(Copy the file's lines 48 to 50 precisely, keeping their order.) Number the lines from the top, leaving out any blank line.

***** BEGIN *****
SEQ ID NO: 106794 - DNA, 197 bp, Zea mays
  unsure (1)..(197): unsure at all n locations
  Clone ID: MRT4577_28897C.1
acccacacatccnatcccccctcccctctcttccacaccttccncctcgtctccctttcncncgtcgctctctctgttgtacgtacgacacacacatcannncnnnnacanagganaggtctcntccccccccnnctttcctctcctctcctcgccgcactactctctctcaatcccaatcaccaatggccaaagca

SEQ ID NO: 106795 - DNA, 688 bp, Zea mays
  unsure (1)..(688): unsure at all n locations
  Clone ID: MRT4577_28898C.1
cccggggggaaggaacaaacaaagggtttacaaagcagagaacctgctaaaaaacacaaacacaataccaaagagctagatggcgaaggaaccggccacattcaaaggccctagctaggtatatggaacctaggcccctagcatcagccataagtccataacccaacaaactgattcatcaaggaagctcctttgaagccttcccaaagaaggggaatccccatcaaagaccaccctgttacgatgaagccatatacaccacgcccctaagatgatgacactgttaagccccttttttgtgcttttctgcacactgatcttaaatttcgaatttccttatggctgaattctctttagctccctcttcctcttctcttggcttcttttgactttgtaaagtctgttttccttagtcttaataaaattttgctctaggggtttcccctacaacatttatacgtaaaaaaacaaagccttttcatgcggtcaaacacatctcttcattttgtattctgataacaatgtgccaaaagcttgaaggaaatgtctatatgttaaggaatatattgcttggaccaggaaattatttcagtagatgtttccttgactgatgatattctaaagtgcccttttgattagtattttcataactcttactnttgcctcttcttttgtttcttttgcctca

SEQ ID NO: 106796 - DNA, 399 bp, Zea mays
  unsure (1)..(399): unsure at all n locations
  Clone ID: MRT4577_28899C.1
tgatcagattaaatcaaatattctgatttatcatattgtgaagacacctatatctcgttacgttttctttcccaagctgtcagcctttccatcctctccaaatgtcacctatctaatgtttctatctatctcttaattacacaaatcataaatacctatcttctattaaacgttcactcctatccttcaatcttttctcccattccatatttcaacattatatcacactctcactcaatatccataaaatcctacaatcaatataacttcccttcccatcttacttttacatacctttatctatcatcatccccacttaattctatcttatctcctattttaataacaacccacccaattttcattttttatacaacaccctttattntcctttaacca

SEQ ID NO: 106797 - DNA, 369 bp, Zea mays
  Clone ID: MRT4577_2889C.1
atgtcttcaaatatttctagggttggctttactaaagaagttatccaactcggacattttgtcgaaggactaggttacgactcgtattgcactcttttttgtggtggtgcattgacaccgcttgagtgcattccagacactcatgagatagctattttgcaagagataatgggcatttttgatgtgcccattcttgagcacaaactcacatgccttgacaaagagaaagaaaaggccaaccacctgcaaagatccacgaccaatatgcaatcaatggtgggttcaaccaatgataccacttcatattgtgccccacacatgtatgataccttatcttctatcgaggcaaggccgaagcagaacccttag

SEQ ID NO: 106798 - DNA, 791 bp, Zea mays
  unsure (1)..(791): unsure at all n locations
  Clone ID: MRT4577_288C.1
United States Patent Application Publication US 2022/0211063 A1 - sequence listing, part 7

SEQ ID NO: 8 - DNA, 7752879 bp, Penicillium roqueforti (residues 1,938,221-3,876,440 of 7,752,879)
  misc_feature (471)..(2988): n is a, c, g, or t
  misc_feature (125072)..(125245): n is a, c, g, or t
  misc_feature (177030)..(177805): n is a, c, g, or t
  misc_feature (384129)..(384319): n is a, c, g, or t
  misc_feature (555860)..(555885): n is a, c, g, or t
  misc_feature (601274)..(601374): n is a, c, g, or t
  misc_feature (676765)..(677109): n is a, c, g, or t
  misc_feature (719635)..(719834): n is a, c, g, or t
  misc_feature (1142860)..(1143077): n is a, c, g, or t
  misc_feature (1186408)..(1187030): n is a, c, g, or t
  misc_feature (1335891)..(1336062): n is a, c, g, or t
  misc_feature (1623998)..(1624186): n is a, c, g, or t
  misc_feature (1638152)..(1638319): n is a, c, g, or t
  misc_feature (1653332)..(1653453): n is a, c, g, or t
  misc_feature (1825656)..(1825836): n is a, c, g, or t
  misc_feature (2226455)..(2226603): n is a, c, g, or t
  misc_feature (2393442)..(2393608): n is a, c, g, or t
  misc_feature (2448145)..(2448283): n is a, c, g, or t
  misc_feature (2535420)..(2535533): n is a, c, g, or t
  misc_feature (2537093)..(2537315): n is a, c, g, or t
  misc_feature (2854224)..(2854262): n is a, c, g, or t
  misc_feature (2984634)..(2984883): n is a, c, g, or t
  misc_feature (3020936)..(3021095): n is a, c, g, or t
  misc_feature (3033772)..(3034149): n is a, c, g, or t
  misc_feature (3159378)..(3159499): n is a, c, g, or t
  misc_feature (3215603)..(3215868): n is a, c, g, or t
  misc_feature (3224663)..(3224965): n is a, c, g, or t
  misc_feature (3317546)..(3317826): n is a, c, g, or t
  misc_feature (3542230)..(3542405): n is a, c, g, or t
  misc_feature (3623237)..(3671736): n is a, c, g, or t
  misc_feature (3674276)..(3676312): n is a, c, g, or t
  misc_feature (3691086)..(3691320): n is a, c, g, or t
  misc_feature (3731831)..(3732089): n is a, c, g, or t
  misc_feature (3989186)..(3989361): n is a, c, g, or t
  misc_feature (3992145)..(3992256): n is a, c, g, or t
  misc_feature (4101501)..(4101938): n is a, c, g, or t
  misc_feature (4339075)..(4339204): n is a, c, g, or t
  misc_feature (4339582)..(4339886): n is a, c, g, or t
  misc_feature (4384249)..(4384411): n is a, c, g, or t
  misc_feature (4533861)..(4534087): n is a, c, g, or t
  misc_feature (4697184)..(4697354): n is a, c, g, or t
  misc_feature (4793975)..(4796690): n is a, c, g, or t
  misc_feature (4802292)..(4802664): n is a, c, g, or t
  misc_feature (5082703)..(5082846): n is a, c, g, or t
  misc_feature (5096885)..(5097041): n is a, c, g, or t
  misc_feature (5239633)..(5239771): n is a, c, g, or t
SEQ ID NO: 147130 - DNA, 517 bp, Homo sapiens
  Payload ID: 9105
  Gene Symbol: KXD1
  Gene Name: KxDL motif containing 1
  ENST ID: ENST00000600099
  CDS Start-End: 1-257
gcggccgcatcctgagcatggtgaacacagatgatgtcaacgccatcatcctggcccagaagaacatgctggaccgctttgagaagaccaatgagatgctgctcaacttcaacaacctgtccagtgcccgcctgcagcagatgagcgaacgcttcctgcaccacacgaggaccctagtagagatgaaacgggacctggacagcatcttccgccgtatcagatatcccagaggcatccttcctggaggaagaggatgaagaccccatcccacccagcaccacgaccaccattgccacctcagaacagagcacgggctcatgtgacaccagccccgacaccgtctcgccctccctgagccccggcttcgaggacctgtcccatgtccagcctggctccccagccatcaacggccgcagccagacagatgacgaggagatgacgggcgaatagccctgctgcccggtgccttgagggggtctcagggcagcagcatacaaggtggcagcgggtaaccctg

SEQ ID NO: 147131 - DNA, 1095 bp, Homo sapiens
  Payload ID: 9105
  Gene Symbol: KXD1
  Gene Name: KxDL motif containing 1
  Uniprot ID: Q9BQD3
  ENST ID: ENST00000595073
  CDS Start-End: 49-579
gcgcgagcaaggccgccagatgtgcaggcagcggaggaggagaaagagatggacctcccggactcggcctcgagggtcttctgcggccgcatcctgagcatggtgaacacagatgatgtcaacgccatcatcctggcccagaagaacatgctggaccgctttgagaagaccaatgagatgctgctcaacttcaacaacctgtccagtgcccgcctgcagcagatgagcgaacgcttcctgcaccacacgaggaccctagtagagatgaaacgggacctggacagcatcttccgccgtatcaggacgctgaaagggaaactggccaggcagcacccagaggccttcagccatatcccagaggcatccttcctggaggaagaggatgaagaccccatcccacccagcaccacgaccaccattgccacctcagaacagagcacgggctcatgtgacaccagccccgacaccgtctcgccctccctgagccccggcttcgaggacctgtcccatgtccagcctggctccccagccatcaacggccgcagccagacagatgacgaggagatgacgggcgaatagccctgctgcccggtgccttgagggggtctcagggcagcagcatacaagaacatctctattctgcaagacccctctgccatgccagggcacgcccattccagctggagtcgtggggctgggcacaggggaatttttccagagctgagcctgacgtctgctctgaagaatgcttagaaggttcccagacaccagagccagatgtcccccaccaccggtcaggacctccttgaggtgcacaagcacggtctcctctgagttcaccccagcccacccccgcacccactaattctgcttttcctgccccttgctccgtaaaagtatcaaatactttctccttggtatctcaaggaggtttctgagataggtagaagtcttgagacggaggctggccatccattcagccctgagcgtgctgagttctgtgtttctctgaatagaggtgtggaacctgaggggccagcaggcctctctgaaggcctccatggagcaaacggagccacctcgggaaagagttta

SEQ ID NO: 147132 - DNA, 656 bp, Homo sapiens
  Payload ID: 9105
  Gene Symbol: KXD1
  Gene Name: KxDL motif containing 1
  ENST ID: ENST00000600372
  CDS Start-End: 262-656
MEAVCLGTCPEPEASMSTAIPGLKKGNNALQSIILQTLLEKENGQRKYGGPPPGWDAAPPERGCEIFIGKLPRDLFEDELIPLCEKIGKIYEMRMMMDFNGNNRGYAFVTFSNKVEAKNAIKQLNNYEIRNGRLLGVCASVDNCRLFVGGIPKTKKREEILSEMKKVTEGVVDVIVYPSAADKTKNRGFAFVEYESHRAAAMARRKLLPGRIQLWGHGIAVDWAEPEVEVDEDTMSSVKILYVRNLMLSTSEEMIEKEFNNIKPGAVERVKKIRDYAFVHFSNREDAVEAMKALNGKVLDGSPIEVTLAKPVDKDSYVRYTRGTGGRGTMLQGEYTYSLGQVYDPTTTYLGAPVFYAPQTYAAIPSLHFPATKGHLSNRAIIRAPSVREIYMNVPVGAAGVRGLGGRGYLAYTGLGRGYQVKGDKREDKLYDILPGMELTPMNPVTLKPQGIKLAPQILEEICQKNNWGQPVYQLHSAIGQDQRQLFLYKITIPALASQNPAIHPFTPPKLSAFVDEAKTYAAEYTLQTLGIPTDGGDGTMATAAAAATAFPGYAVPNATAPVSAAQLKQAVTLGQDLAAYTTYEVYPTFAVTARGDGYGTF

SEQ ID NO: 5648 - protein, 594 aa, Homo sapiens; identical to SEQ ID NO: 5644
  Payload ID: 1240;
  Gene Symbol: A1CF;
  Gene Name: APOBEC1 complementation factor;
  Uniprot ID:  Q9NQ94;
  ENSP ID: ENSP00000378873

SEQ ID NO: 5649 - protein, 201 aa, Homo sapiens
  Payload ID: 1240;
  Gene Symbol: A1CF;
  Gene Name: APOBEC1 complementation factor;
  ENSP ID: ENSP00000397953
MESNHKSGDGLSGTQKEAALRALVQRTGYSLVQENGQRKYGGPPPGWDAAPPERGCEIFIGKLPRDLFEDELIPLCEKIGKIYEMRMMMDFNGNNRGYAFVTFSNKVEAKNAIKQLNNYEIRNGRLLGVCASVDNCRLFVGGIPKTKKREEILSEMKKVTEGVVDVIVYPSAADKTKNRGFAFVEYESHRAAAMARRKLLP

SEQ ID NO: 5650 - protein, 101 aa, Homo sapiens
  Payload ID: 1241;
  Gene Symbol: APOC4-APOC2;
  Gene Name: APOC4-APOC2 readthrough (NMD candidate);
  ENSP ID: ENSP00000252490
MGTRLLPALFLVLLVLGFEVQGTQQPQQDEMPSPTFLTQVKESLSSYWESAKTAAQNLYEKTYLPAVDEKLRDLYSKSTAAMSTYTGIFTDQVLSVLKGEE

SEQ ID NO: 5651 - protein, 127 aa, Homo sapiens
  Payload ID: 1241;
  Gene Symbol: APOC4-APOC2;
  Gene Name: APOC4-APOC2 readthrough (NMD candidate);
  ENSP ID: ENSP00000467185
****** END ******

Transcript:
  misc_feature (3317546)..(3317826): n is a, c, g, or t
  misc_feature (3542230)..(3542405): n is a, c, g, or t
  misc_feature (3623237)..(3671736): n is a, c, g, or t